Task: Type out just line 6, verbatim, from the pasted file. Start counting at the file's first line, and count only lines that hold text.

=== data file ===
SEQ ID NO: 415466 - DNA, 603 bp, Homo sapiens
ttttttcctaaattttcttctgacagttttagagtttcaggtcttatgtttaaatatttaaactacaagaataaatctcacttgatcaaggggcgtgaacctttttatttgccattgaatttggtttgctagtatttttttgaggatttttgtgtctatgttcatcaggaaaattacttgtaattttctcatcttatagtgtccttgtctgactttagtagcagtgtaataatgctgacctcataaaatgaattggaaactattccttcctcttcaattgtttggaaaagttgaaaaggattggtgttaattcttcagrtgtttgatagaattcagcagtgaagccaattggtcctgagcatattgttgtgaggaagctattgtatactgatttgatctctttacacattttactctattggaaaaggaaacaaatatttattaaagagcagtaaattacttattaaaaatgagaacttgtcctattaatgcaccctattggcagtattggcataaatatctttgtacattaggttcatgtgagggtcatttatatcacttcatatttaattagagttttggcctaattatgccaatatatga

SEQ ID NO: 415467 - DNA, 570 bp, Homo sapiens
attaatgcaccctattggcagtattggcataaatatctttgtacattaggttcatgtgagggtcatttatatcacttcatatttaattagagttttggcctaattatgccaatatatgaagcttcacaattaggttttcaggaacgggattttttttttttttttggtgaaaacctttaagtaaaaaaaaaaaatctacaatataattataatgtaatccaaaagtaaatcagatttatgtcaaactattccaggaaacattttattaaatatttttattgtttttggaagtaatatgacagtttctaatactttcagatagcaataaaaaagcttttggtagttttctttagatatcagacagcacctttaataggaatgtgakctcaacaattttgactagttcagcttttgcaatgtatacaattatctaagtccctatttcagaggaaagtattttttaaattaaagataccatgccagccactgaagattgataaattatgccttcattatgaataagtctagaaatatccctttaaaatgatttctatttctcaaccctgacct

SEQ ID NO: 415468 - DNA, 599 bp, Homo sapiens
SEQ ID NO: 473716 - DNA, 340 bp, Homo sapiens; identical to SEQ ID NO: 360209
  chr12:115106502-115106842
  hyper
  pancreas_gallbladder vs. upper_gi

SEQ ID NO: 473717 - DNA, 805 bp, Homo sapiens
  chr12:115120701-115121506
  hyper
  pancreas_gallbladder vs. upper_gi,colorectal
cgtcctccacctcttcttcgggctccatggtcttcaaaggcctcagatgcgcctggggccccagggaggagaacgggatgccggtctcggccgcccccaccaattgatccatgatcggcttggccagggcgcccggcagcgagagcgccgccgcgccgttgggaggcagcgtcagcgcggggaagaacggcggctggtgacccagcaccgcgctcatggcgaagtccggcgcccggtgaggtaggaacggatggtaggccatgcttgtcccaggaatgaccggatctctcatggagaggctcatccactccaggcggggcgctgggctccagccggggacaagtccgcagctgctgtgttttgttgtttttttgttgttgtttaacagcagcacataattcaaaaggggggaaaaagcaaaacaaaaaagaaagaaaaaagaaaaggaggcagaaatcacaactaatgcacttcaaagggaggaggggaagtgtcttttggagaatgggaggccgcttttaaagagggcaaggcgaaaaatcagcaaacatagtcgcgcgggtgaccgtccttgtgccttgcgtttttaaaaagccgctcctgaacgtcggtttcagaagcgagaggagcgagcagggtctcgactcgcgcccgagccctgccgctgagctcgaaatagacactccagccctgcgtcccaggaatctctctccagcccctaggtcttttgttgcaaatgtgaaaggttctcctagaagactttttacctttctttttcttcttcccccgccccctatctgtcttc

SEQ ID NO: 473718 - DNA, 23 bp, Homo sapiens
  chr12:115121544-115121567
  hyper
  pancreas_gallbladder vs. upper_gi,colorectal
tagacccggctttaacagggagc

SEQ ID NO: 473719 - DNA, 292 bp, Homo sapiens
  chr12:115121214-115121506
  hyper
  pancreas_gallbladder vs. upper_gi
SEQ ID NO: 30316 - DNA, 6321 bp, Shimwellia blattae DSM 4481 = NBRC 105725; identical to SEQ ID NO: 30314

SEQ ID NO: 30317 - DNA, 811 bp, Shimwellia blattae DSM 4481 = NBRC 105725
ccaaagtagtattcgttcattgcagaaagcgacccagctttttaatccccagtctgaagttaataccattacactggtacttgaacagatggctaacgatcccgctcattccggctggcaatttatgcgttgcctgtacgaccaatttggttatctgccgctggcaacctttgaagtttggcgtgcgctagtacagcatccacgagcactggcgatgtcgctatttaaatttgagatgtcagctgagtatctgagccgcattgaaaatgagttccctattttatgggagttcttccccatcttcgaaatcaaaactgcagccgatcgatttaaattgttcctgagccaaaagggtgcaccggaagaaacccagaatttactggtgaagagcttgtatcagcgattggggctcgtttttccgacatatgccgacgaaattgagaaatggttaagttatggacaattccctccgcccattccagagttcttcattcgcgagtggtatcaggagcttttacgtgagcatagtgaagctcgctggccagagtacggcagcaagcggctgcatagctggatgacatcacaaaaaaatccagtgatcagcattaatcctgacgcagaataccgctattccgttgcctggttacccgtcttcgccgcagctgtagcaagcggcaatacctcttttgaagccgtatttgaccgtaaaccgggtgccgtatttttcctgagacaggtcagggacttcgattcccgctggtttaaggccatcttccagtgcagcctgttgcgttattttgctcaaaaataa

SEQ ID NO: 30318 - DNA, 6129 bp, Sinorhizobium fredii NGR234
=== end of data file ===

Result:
SEQ ID NO: 473716 - DNA, 340 bp, Homo sapiens; identical to SEQ ID NO: 360209